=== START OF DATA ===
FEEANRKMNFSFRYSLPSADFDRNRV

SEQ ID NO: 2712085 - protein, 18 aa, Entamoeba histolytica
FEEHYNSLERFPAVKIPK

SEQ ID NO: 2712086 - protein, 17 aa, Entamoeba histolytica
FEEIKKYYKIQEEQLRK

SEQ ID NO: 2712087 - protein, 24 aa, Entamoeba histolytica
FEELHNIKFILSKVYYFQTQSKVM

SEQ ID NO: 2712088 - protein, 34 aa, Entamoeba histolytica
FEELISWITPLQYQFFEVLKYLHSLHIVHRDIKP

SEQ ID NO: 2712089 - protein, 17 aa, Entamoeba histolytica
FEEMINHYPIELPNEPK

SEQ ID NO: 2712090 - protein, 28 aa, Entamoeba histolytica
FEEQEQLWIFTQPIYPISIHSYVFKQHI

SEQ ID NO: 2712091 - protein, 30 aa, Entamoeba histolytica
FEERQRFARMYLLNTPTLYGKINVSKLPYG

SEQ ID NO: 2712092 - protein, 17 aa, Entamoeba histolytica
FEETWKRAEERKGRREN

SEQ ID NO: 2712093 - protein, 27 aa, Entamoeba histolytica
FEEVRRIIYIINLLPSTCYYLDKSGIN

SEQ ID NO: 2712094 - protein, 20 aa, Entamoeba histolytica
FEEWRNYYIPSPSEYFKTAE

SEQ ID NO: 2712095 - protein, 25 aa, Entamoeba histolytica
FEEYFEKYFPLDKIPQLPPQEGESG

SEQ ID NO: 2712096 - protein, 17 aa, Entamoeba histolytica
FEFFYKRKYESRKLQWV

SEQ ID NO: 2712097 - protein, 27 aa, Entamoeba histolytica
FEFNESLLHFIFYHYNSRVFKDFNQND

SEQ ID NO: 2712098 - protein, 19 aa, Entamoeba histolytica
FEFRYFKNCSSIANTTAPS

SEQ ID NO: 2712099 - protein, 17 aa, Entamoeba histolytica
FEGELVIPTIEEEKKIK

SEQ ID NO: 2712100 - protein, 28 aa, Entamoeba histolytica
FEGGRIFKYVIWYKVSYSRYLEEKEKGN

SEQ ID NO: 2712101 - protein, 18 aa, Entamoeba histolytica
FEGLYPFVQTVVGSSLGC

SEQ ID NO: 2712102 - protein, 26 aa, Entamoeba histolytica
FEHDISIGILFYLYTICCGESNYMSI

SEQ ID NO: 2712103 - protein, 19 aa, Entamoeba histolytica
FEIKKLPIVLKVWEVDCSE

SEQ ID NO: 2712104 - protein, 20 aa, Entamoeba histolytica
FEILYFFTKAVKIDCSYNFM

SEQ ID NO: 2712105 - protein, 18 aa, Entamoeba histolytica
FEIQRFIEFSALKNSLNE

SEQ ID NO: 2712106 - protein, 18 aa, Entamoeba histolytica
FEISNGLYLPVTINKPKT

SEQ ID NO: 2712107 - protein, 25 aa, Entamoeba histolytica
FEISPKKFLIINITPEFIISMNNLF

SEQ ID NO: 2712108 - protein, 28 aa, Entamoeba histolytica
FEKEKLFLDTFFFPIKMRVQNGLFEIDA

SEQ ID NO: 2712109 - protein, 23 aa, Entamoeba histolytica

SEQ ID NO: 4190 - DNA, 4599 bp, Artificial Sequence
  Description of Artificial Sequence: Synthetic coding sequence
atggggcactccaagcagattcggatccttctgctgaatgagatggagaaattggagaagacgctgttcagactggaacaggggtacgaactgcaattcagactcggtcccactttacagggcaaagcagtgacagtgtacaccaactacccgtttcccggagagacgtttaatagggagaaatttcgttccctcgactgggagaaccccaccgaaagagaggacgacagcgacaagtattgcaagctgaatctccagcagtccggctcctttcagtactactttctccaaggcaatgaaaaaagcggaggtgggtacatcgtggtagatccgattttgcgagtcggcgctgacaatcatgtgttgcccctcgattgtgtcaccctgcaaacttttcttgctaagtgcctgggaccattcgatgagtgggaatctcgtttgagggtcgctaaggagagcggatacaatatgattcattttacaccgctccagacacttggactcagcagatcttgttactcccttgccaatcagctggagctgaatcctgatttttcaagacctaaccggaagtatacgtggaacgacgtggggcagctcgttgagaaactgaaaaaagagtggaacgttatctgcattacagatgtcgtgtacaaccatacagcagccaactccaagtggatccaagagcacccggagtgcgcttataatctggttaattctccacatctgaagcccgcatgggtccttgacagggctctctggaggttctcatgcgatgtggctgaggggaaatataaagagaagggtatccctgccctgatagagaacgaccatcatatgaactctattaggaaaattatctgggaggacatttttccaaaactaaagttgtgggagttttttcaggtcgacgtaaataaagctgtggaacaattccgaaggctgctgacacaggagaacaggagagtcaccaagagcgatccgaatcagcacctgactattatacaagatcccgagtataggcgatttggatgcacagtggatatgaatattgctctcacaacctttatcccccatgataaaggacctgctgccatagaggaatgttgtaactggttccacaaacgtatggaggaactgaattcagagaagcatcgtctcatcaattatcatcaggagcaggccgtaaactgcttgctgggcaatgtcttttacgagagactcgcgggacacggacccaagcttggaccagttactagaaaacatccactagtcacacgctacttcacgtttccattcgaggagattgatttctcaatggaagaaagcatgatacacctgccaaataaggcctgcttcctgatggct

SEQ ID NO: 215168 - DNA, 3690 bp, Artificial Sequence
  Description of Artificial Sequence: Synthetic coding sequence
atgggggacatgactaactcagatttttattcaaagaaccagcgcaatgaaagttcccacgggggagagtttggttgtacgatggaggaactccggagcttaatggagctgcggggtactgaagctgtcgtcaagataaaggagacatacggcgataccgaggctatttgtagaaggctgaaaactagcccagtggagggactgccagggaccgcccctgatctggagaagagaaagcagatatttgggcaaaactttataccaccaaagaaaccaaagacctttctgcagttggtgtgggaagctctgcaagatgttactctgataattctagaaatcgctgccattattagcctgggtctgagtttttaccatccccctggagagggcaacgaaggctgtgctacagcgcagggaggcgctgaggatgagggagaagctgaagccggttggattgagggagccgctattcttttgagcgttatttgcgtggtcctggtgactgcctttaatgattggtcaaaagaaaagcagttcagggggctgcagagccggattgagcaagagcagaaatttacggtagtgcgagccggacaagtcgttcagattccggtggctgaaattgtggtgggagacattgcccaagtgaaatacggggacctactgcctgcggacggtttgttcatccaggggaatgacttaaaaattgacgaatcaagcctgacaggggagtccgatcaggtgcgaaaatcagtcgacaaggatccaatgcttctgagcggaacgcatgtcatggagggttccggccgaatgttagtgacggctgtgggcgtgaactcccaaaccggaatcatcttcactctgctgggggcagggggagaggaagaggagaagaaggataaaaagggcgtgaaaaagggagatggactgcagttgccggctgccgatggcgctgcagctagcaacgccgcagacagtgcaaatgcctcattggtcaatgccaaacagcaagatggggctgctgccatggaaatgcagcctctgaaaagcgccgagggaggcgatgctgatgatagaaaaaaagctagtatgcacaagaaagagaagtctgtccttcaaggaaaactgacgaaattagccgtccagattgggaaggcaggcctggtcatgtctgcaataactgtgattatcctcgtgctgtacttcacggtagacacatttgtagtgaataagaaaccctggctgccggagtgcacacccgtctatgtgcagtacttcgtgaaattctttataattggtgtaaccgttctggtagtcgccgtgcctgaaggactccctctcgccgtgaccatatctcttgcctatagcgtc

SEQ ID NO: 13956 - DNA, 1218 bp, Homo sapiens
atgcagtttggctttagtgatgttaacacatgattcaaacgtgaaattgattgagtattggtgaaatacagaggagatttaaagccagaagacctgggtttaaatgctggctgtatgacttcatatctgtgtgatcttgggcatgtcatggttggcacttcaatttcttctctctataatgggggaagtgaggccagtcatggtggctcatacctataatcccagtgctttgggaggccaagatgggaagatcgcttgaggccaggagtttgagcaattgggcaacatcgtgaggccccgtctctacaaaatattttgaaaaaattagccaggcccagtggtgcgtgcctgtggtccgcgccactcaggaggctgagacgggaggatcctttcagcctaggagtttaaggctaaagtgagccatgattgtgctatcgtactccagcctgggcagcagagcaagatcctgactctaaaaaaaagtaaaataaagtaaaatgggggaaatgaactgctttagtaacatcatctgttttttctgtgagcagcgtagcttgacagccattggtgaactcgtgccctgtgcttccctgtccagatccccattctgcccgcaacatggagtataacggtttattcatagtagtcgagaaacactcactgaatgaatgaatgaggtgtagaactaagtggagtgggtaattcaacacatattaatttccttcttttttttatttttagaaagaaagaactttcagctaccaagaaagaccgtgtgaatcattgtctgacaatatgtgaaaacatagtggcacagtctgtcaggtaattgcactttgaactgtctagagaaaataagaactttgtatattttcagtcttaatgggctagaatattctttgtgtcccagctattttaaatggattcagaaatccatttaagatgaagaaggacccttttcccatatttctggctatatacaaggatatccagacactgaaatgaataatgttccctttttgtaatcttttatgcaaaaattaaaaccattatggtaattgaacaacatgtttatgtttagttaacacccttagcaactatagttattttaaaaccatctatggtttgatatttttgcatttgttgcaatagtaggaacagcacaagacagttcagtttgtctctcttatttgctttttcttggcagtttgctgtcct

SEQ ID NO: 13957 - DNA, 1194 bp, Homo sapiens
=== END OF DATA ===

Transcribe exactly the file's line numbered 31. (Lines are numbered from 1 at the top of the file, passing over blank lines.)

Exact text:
FEGELVIPTIEEEKKIK